Adam McNeil was once asked to join a travelling circus.
The request is one of the many reactions the 23-year-old has had regarding his somewhat unusual pastime – kendama, the Japanese take on ball-in-a-cup.
A friend introduced McNeil to the hobby three years ago while working together at a summer camp north of Regina.
“I said, ‘Pffft, that looks dumb,’ ” McNeil laughed.
By the end of his first week, he was already learning tricks. Drawn to the game by his competitive nature and love of unique skills, it wasn’t long before McNeil started studying between his kendama breaks.
The game is believed to have originated in 16th century France when King Henry II played with a simplified version. The toy’s modern form, usually made of wood, consists of a ball connected by string to a ken and crosspiece.
According to Ethan Jones, a student at Briercrest College and Seminary in Caronport and fellow kendama enthusiast, McNeil is seldom seen without a kendama around his neck.
“My first experience with [Adam] was just seeing him walk around the halls, flipping the kendama around,” said Jones.
“It’s just an extension of his body.”
Though he didn’t join the circus, McNeil will travel to Minneapolis this October to compete in the North America Kendama Open, the continent’s largest kendama competition. It will be his second time competing at the international level, one of hundreds of players who will gather to share tips and compare tricks.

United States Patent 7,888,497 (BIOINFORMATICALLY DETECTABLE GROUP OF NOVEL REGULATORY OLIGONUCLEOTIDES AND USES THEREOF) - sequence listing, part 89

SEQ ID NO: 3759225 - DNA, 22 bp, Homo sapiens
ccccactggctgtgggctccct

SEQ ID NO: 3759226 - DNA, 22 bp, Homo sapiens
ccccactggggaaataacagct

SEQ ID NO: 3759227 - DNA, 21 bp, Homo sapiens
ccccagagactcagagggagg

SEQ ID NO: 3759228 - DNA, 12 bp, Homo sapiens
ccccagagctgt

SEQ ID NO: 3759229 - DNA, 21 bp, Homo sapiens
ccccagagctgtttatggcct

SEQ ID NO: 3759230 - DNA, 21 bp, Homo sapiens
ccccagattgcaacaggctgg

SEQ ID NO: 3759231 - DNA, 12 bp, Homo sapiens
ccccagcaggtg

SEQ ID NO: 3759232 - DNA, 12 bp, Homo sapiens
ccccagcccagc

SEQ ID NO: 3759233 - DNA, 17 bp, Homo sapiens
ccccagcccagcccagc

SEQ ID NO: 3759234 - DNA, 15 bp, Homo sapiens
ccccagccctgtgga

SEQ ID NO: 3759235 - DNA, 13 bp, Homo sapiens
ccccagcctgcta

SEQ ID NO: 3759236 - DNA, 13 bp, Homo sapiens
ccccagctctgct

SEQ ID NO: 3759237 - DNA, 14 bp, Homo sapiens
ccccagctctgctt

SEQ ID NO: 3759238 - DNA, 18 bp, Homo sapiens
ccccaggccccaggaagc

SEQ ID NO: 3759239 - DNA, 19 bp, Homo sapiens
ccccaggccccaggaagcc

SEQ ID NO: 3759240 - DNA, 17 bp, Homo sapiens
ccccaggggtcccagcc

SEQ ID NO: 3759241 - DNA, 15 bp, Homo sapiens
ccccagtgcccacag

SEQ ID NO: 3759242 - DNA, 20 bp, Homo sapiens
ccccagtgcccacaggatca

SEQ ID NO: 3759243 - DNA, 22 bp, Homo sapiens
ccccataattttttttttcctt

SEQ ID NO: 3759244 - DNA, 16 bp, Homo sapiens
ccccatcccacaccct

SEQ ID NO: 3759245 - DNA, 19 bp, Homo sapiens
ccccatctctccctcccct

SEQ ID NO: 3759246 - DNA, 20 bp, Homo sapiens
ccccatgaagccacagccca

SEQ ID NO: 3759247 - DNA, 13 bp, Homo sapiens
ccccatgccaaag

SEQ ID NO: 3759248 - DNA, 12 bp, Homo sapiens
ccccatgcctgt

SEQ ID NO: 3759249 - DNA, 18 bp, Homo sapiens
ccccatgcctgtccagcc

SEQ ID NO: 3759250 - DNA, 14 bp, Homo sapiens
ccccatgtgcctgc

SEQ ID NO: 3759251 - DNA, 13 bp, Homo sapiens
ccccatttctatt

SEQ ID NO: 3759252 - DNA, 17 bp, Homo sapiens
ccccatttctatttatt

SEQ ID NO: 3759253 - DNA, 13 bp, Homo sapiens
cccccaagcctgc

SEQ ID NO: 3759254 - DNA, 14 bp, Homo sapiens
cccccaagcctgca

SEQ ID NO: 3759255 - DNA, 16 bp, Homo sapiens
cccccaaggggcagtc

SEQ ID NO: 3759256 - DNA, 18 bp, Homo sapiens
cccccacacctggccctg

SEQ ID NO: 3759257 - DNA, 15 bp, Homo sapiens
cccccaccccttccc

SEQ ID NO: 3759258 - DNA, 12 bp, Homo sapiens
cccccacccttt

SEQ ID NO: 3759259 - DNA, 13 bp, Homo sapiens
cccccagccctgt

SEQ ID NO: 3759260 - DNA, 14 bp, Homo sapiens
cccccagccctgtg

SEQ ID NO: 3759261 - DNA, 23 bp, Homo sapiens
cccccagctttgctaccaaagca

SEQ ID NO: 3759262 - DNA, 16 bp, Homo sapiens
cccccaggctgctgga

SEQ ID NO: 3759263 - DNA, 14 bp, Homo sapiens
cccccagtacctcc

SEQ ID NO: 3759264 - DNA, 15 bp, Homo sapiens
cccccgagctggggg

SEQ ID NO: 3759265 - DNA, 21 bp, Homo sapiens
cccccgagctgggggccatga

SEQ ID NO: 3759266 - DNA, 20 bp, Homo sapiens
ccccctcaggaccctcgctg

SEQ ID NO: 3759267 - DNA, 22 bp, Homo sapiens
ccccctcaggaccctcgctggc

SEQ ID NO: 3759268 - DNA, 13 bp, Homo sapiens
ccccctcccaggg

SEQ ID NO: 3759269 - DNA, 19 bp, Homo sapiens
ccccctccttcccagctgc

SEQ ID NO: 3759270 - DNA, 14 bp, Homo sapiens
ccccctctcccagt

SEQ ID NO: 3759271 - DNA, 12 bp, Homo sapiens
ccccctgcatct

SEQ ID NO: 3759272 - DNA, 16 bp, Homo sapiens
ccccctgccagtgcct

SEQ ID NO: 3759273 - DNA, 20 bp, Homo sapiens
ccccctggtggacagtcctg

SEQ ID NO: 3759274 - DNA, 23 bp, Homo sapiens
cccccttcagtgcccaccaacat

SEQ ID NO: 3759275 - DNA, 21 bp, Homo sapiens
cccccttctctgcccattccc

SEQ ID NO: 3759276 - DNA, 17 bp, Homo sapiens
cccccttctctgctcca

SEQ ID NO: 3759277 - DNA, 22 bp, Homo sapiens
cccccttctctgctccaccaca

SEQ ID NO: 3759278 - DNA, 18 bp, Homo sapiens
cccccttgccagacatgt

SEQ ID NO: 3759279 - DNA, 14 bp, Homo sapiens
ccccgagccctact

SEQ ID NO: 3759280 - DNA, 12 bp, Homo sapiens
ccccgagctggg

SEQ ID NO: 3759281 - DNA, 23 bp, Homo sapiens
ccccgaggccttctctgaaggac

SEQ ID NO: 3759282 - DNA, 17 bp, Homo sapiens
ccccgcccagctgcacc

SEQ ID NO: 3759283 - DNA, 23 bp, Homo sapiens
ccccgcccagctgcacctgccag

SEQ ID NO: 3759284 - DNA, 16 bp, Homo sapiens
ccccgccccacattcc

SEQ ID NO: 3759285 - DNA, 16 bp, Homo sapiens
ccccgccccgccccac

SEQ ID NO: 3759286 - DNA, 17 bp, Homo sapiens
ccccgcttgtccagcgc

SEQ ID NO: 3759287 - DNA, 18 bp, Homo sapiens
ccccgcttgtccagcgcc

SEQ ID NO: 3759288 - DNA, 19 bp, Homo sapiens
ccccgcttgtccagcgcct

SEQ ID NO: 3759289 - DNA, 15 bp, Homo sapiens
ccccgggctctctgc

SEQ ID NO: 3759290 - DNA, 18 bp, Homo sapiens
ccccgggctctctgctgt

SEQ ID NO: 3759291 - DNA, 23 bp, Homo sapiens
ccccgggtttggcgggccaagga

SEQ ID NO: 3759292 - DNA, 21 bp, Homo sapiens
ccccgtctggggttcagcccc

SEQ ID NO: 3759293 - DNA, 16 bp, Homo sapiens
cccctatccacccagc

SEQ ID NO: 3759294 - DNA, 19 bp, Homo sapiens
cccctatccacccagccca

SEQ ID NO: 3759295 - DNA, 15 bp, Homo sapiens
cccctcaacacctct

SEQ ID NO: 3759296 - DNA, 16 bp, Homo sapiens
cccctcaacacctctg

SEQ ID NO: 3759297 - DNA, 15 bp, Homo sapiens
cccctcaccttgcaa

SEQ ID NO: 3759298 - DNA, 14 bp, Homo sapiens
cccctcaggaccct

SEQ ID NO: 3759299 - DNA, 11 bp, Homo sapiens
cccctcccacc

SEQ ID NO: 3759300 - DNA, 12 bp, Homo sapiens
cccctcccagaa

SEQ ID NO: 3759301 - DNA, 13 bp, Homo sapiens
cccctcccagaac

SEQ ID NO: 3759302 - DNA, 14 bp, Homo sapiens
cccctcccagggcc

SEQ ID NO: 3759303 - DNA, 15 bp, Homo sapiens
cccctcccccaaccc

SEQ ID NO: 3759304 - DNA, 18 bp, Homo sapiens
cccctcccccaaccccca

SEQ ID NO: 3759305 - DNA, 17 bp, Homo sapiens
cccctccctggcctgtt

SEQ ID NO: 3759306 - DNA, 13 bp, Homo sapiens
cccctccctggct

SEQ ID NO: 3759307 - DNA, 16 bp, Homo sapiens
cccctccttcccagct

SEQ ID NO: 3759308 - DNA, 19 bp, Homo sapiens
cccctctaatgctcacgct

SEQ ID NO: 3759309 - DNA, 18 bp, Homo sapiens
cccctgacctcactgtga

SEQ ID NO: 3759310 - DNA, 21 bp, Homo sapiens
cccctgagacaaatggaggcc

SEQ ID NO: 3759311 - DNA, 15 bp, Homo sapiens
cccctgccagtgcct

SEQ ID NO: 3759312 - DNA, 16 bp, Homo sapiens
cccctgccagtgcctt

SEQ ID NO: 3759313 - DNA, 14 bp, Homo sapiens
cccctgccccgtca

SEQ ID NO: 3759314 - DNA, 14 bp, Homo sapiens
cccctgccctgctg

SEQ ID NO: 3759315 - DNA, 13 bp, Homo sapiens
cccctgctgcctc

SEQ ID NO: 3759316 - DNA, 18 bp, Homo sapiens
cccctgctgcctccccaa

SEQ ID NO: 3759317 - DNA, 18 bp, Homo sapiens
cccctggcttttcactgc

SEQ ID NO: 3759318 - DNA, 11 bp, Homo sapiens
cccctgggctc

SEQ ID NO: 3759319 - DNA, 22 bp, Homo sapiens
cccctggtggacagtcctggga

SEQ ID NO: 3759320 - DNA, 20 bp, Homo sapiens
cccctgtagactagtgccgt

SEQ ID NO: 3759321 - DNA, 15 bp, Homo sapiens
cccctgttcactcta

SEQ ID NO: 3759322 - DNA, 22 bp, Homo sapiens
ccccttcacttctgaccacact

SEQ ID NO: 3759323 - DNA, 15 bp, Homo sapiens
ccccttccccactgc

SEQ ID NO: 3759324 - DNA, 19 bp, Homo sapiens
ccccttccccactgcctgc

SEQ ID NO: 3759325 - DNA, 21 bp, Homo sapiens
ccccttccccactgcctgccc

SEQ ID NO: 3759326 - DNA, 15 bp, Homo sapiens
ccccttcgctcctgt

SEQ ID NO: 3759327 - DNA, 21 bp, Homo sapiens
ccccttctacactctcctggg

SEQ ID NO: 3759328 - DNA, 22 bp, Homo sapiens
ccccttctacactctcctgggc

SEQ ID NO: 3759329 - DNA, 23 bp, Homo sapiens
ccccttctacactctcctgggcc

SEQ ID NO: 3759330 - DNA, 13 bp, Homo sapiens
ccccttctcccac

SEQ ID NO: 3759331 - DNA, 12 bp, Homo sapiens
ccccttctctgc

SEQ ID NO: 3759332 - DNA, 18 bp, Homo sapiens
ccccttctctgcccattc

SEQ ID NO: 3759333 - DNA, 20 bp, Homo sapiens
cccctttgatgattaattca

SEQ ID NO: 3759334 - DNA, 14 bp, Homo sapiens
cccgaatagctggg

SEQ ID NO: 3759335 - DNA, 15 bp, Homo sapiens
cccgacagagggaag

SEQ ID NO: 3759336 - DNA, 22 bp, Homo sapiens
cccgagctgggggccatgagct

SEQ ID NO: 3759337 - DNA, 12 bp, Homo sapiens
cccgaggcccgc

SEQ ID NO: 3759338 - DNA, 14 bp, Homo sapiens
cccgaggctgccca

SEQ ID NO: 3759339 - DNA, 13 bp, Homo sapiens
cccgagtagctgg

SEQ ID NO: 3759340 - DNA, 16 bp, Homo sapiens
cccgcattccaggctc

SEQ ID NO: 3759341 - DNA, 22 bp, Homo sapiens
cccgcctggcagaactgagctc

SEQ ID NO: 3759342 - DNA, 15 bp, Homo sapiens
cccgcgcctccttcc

“I didn’t go with any expectations to win or even to do well,” he said. “I didn’t even really practise that much. I really just wanted to go take in the event [and] experience the community of kendama in person.”
Keeping expectations realistic after last year’s first-round elimination, the player says he hopes to win one round in the upcoming competition.
“It’s really hard to be coordinated and balanced when you’re up on a stage nervous and sweating,” he said.
McNeil currently owns around 15 playable kendamas but has owned about 30. He is known for loaning and even gifting toys from his own collection as a way of garnering interest in the hobby.
The toy also has a more practical purpose for McNeil, who works as a representative for Briercrest College.
“A lot of my work is with kids and it’s a lot less abrasive for you to show them a skill or teach them something that is interesting to them before talking to them about what they’re going to do after they graduate high school,” said McNeil.